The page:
Being real

One of the characteristic of the post-modern world is a quest for “authenticity”: as the young say, “we gotta be real”. The first problem with this much vaunted “authenticity” is that the very nature of the human self is artificial – shaped by its surrounding culture. However, by the West’s Enlightenment, individualistic premises, to the extent that cultural influences are important, they are often seen as sources of alienation, coercion, and manipulation. The “true” self is touted to be that which is not a product of society, that which resists conformity, and makes individuals “unique”. As a result, the influencer is obsessed with novelty in all aspects of life – from art to lifestyles – touting the new, simply because it is new.
But this romantic conception of the self is simply wrong. We are not plants or toads whose development are largely an unfolding of prespecified potential. We are profoundly social animals with brains wired to absorb and assimilate our surrounding culture, beginning most germanely with language. A person without culture is an abstraction like form without content. The well-documented cases of “feral children”—that is, children who grew up with little human contact—are tragic testimonies to the indispensability of social learning. They were literally, “non-human”.
Even a person’s most profound beliefs—those about God and the relationship between humans and the cosmos—are inextricably connected to culture. Hence the saliency of our ethnic ties in Guyana. However, we know what it is like to bow to social conventions and mask our feelings and opinions from others. More poignantly, we know the painful dissonance of dissembling about crucial components of our identity, our political beliefs, our sexuality, and so on. Does this not suggest an authentic self that persists behind our everyday social self, impervious to cultural accidents and influences although it can remain forever hidden? And is it not to this self that we owe our loyalty?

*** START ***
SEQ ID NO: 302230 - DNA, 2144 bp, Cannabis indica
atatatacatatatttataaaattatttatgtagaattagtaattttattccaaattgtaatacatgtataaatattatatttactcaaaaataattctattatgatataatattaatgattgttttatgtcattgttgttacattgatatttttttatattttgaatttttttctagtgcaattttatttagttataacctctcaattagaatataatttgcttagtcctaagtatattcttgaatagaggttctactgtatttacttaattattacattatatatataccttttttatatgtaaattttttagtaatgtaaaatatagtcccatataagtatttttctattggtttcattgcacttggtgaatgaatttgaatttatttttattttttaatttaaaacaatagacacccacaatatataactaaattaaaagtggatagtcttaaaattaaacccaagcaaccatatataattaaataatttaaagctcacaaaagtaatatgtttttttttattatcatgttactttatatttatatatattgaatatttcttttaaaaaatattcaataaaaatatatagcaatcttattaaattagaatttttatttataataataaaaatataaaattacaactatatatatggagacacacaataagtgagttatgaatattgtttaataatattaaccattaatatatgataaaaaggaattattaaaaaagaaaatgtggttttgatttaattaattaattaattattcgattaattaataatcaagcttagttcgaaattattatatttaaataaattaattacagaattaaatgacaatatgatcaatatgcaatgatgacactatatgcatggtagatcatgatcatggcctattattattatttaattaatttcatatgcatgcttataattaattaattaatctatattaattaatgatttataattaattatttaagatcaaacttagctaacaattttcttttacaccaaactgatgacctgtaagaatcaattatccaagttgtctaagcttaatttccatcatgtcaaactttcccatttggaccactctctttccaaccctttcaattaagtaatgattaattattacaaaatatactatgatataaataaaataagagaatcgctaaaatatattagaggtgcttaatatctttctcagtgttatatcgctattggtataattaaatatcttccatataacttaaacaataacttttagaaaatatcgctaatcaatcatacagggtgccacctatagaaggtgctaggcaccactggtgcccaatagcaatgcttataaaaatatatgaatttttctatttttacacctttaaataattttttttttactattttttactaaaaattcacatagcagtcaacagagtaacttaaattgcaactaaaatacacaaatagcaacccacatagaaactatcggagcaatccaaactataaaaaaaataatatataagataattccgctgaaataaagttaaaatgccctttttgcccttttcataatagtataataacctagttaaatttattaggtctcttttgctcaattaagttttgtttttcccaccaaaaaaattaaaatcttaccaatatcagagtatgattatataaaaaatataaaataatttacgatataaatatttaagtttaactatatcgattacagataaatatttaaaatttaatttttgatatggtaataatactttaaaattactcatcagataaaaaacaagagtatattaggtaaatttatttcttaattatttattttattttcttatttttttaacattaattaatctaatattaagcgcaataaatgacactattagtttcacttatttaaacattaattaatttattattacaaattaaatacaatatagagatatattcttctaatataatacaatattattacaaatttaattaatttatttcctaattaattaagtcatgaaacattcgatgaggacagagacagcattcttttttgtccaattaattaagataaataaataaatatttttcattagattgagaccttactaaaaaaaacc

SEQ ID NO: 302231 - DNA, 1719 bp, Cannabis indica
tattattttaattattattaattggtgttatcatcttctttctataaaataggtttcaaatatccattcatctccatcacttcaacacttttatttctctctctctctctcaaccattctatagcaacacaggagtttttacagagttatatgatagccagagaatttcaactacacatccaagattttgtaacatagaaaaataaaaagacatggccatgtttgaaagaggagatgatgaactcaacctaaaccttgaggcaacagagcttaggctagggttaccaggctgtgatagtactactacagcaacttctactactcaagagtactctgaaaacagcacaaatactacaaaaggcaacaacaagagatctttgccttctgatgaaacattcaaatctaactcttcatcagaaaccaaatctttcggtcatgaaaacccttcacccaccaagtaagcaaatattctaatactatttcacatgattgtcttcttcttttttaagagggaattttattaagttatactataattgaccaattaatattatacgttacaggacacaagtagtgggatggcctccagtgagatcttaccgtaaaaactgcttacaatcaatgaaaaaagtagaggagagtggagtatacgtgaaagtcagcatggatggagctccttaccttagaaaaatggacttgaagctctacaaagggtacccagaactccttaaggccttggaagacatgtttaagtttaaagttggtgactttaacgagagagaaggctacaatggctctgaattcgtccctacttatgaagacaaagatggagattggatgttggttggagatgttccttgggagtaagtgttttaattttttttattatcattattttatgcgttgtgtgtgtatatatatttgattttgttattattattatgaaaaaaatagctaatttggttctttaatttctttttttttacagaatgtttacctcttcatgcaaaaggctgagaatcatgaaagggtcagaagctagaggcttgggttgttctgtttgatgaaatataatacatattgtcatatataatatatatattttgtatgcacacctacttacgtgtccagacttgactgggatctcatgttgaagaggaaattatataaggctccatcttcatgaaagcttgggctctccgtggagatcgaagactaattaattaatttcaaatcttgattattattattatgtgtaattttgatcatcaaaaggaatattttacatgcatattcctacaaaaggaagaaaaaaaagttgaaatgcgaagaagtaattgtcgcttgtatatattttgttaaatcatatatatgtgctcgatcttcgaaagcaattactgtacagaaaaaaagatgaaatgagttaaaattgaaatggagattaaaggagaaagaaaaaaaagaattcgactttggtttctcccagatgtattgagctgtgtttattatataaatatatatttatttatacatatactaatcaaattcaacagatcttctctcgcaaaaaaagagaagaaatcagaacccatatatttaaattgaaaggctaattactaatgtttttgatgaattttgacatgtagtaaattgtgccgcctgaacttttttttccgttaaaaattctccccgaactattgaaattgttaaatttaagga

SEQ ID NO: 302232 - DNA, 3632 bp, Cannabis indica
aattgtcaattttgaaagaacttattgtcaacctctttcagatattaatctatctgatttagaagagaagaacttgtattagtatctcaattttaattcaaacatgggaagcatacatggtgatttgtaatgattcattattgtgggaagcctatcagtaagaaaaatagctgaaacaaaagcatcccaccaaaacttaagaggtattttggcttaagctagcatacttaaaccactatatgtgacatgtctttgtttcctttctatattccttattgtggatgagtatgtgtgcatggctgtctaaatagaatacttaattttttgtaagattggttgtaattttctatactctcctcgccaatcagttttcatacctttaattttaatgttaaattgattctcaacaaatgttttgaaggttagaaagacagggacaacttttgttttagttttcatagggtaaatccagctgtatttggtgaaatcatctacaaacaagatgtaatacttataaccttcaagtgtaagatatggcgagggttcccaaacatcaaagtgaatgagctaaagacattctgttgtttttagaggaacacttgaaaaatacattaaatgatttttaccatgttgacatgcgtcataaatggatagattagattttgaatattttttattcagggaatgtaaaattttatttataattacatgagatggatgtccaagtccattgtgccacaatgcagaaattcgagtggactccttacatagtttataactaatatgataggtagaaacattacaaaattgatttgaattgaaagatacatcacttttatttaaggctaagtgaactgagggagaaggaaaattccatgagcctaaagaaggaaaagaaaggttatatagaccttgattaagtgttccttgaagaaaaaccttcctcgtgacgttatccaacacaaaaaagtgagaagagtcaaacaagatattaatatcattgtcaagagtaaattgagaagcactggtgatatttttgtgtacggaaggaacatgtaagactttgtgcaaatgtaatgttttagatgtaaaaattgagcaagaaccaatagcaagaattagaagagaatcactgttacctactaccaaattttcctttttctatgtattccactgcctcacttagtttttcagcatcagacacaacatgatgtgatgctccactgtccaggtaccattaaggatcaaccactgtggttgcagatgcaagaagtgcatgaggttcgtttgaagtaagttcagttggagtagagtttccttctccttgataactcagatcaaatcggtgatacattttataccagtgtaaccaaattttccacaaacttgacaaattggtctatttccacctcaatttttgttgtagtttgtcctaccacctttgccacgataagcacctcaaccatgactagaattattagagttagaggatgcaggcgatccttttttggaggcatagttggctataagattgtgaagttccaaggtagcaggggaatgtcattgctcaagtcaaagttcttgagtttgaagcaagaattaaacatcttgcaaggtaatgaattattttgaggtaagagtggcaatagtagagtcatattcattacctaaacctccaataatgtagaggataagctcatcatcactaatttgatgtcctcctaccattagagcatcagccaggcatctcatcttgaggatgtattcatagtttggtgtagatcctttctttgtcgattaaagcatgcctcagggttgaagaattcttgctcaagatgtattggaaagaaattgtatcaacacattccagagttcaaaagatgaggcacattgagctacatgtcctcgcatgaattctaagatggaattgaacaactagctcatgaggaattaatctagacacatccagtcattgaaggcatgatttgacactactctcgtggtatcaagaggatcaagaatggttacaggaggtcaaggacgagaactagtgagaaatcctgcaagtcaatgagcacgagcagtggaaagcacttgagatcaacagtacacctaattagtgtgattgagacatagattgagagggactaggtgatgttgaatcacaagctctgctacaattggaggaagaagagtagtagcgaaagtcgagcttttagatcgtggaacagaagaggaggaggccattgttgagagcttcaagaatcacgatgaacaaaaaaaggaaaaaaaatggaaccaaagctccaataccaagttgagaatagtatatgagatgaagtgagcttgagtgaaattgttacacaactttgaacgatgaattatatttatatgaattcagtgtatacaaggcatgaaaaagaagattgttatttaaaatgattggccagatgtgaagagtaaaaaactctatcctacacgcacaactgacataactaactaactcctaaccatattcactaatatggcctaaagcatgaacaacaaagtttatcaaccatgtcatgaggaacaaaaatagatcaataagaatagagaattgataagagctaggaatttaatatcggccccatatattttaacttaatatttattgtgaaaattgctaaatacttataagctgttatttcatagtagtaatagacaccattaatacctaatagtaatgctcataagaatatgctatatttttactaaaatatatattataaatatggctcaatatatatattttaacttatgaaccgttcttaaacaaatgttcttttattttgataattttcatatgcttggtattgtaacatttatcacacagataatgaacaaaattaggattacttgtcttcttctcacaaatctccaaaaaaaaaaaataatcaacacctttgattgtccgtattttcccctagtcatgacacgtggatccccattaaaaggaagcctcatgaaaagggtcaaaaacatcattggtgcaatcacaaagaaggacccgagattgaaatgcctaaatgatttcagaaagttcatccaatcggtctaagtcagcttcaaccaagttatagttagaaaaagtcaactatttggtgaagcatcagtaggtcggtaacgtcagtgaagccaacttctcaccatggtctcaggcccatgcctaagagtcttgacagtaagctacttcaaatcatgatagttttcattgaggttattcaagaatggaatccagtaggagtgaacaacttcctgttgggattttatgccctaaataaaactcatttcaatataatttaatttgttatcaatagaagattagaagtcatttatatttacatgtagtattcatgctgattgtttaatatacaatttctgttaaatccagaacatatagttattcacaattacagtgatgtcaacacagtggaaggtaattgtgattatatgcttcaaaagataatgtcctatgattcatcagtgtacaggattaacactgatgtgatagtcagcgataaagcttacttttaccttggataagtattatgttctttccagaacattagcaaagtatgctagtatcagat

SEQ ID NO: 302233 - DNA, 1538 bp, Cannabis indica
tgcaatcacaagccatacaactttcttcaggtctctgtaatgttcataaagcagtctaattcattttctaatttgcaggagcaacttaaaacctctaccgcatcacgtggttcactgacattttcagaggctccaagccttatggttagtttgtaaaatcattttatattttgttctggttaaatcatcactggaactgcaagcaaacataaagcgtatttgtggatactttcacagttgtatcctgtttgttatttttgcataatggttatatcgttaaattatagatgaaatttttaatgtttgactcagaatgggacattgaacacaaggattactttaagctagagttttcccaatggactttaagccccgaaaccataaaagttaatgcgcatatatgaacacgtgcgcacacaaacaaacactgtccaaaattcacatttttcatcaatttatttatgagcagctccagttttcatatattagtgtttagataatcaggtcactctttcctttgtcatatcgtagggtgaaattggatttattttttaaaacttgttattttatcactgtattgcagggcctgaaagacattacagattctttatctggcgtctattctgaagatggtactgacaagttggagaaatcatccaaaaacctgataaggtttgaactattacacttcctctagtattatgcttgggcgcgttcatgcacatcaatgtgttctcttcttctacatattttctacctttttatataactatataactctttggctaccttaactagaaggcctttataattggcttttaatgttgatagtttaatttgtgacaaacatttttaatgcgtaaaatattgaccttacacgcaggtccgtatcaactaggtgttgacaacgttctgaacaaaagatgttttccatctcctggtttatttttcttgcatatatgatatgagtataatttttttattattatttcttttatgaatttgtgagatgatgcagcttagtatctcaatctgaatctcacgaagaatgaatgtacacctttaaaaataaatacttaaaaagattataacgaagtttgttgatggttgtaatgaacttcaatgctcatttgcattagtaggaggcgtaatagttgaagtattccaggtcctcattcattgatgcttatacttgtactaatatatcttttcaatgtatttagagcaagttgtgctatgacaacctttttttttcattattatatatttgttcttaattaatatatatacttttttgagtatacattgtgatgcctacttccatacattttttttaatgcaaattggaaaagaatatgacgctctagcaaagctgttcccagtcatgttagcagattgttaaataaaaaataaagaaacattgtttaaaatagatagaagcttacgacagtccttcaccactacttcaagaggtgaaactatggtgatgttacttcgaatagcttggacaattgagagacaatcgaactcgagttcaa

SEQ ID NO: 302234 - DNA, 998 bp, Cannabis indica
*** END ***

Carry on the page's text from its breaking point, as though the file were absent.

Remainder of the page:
Arguments like these can feel compelling because they fit in with our daily experience, even though traits and tendencies are different from what most of us would call a “self”. Humans are complicated and complex; capable of sublimating impulses to lying about them. This can be frustrating, debilitating, and in some societies, tyrannically oppressive. But paradoxically, this is what also makes civilization possible. Because we are both cooperative and highly competitive, our thoughts and impulses can be prosocial or antisocial. Some of those antisocial thoughts and impulses are relatively benign, though potentially offensive. We cannot give in to unmediated impulses from our id. Some of our thoughts and impulses are coercive, violent, or destructive.
Few people are so virtuous that they have never wanted to humiliate, hit, or even kill another person. Some people are filled with rage and hate, and would happily dominate others if they were in a position to do so. One of the crucial functions of civilization is to curb these inclinations so that we can cooperate (and compete) without constant violence. Democratic politics and the institutions that make it work is one such innovation. Although this might be frustrating on occasion, it leads to wealth, comfort, and cultural achievements that would otherwise be impossible.
The celebration of authenticity is premised, often only half-knowingly, on a quasi-Rousseauist belief that humans are naturally good and only corrupted by society. But this belief is patently false: humans are not “naturally” good or evil, but created as Kant phrased it “out of this crooked timber”. As such, they are flawed, limited, and contradictory creatures, capable of envisioning a peaceful, cooperative society of abundance, but thwarted in achieveing it because their efforts are undermined by selfishness and rivalry.
Although we cannot fully achieve our moral goals, we can, with the guidance of wise norms and institutions, create a lively and flourishing civilization. And the function of these wise norms and institutions such as democracy and its institutions, is to suppress, discipline, and reshape our natural inclinations. It is, in other words, to produce a cultured and civilized—that is, a created —human. This should be the goal of “One Guyana”.